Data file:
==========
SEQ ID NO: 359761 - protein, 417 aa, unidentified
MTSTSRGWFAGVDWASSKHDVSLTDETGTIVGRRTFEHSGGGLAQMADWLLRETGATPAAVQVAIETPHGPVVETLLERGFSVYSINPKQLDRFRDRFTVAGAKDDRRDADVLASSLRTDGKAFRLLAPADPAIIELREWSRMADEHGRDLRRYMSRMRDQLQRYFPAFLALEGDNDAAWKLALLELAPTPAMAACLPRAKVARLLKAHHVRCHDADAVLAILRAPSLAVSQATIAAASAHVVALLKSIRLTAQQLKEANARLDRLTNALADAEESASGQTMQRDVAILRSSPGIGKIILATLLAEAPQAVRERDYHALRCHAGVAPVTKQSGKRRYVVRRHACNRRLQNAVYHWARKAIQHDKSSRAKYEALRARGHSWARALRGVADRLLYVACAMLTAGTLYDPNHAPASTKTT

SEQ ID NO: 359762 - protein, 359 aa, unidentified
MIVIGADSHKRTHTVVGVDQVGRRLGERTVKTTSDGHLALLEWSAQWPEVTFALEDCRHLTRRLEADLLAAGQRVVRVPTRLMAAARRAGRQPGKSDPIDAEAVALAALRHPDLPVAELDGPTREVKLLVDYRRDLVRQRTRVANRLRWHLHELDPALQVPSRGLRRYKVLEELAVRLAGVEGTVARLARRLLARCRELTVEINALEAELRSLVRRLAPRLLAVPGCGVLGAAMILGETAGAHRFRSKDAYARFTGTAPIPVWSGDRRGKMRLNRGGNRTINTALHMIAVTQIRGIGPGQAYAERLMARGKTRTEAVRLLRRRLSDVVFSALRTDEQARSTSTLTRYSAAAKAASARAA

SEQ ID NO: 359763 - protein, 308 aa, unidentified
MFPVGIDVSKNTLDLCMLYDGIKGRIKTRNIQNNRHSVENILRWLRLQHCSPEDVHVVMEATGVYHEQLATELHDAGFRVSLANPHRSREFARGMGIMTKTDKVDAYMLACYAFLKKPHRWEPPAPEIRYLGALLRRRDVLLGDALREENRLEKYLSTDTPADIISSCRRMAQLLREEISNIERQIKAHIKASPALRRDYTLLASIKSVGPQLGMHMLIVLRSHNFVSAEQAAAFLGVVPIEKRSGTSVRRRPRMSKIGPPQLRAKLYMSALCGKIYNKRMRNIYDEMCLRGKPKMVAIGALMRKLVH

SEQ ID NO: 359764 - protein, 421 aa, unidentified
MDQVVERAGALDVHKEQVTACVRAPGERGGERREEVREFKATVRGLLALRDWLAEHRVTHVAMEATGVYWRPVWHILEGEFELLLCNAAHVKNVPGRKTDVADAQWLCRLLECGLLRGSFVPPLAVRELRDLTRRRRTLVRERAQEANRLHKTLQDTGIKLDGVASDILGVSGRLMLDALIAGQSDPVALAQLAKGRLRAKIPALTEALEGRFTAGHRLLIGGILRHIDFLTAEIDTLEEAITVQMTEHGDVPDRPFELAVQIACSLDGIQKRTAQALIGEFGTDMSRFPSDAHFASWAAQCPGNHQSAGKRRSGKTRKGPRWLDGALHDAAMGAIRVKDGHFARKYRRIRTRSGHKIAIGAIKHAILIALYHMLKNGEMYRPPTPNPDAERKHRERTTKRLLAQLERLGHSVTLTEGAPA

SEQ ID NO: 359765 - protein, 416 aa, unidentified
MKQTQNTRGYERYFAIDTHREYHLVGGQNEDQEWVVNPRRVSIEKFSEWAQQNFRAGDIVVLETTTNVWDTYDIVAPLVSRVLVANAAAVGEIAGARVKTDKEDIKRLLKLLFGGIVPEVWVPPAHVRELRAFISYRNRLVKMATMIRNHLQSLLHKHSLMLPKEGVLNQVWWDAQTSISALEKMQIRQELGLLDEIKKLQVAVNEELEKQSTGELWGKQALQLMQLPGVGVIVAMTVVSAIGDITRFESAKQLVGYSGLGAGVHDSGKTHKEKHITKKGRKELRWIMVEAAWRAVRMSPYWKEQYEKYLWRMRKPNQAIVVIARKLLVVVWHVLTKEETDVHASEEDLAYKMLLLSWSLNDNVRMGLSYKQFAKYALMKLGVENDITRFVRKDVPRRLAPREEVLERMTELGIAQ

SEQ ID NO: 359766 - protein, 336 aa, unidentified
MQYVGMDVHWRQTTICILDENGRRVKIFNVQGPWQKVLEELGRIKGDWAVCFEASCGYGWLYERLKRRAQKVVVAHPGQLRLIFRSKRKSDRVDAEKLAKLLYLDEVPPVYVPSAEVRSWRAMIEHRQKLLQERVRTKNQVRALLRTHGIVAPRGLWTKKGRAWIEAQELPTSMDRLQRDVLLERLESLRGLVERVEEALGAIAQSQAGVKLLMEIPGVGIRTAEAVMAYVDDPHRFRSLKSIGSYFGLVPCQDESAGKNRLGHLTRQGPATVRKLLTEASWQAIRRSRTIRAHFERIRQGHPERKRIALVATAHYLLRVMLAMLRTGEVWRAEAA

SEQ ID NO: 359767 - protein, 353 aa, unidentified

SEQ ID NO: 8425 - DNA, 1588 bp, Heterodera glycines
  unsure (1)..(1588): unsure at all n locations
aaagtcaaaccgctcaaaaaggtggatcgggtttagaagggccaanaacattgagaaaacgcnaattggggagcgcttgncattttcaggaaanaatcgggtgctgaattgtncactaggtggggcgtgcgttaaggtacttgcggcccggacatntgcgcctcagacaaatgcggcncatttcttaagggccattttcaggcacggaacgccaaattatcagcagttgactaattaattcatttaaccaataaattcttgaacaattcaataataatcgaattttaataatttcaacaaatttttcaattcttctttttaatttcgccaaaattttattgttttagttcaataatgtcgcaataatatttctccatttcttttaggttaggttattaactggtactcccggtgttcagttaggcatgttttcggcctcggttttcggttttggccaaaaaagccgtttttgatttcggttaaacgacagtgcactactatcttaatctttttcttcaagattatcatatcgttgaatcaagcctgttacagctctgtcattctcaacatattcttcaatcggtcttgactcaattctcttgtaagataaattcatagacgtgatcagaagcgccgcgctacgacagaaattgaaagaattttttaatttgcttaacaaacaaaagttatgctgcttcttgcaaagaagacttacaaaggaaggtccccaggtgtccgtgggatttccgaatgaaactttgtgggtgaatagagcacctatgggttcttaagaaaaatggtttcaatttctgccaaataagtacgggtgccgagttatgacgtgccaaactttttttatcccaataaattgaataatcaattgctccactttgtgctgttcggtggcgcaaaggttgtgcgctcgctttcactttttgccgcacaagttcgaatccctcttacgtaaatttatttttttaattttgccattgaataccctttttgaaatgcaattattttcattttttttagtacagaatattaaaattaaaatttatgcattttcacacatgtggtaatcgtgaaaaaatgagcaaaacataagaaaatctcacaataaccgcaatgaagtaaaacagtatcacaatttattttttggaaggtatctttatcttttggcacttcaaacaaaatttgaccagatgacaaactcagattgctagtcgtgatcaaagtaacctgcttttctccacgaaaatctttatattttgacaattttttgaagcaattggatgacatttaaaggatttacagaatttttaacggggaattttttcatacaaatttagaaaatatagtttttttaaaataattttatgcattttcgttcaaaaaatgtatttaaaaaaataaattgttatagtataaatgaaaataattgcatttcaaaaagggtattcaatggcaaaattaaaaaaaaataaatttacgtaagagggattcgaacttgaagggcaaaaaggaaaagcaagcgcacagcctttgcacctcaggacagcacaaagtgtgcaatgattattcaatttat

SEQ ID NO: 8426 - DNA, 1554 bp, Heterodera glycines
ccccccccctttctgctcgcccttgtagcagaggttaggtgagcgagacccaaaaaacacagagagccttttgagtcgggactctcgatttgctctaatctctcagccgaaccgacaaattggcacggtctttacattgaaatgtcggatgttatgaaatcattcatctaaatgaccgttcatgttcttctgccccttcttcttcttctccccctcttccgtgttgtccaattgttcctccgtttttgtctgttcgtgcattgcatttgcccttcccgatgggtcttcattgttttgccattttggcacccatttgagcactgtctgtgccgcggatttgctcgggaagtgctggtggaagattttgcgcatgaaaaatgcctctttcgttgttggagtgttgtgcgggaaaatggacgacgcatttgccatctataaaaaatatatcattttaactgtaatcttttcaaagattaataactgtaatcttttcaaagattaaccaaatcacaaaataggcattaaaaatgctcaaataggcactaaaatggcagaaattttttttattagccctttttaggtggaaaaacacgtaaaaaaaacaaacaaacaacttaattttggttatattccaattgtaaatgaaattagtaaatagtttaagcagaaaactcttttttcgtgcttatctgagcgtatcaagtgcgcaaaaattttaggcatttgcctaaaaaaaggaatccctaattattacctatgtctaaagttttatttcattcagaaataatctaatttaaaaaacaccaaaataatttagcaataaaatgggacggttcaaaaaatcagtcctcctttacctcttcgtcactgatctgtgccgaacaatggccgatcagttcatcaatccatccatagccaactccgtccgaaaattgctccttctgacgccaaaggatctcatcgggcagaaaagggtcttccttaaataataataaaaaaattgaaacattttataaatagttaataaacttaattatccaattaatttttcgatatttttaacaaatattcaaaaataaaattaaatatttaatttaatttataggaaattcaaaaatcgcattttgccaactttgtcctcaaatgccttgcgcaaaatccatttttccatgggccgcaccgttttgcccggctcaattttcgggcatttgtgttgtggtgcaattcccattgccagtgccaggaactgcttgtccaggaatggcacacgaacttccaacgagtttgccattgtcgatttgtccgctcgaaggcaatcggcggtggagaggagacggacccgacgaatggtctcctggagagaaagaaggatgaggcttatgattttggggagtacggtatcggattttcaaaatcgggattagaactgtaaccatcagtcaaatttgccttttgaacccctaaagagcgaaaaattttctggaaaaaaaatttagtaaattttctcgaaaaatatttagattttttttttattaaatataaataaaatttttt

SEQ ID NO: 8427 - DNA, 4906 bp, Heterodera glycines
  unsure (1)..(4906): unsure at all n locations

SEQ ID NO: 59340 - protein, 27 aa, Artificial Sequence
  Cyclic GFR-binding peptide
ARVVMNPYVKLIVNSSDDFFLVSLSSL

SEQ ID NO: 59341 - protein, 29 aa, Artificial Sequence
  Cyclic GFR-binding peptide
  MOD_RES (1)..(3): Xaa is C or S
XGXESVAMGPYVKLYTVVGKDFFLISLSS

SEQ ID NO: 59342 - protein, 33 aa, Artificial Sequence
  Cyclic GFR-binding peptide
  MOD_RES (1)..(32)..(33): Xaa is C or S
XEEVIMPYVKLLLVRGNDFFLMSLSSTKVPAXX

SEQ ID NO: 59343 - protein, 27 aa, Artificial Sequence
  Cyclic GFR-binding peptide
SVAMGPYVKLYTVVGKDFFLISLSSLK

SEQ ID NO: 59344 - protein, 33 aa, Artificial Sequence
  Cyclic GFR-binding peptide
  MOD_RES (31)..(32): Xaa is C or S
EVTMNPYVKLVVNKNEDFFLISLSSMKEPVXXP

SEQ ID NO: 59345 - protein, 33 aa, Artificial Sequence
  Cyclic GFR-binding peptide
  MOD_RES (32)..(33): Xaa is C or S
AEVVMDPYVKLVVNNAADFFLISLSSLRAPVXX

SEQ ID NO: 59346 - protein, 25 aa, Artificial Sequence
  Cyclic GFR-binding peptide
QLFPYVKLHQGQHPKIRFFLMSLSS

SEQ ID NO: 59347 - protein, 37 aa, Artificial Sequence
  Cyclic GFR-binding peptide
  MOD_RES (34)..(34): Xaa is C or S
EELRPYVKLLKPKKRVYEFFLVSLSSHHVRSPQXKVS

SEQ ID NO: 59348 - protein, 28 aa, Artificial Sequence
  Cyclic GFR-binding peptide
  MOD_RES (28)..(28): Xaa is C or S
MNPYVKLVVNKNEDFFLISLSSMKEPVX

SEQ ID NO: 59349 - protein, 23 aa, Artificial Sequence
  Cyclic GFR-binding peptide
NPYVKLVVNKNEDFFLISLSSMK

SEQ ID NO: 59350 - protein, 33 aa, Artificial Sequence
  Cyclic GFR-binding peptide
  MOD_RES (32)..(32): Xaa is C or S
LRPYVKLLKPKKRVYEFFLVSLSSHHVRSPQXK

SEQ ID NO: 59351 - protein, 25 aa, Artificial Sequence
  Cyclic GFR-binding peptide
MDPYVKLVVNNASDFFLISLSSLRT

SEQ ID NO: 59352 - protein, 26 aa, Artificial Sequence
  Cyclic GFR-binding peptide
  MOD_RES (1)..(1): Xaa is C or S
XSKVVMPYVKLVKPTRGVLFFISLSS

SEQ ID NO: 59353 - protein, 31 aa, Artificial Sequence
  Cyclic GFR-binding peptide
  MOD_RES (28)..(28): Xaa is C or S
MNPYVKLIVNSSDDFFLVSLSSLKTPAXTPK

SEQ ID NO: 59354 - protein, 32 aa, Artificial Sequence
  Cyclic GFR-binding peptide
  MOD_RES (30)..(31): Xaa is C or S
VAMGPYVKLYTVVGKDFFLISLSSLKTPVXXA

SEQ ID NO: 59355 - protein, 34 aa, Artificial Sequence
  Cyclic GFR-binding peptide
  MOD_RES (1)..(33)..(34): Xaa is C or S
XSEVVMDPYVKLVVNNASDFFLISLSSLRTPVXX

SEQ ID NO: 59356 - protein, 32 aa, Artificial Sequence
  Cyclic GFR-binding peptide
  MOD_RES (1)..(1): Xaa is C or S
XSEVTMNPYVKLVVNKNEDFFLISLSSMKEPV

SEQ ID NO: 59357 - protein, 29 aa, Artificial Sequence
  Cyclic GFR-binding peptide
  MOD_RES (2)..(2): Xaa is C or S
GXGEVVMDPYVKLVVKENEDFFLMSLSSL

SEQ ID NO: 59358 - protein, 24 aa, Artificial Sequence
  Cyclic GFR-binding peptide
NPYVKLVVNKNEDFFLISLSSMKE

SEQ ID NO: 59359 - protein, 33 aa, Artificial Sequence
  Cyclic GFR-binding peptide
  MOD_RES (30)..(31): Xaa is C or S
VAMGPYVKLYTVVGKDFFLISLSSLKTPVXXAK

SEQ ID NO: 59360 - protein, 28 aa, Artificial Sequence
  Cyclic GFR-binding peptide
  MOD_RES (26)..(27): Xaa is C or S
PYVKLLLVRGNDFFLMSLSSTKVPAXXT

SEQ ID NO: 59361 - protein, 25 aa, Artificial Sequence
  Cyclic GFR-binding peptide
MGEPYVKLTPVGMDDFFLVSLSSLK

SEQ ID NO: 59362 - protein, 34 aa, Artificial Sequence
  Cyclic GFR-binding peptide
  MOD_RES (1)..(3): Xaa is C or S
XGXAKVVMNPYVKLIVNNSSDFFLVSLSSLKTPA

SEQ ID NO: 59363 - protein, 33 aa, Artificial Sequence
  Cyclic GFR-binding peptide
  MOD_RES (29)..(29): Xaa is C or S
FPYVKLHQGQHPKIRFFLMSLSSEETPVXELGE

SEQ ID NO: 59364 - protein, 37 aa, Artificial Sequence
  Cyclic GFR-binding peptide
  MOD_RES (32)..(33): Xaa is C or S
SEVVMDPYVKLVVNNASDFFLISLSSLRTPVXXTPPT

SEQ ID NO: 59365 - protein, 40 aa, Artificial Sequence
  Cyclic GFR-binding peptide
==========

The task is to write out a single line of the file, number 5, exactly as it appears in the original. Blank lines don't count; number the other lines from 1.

SEQ ID NO: 359763 - protein, 308 aa, unidentified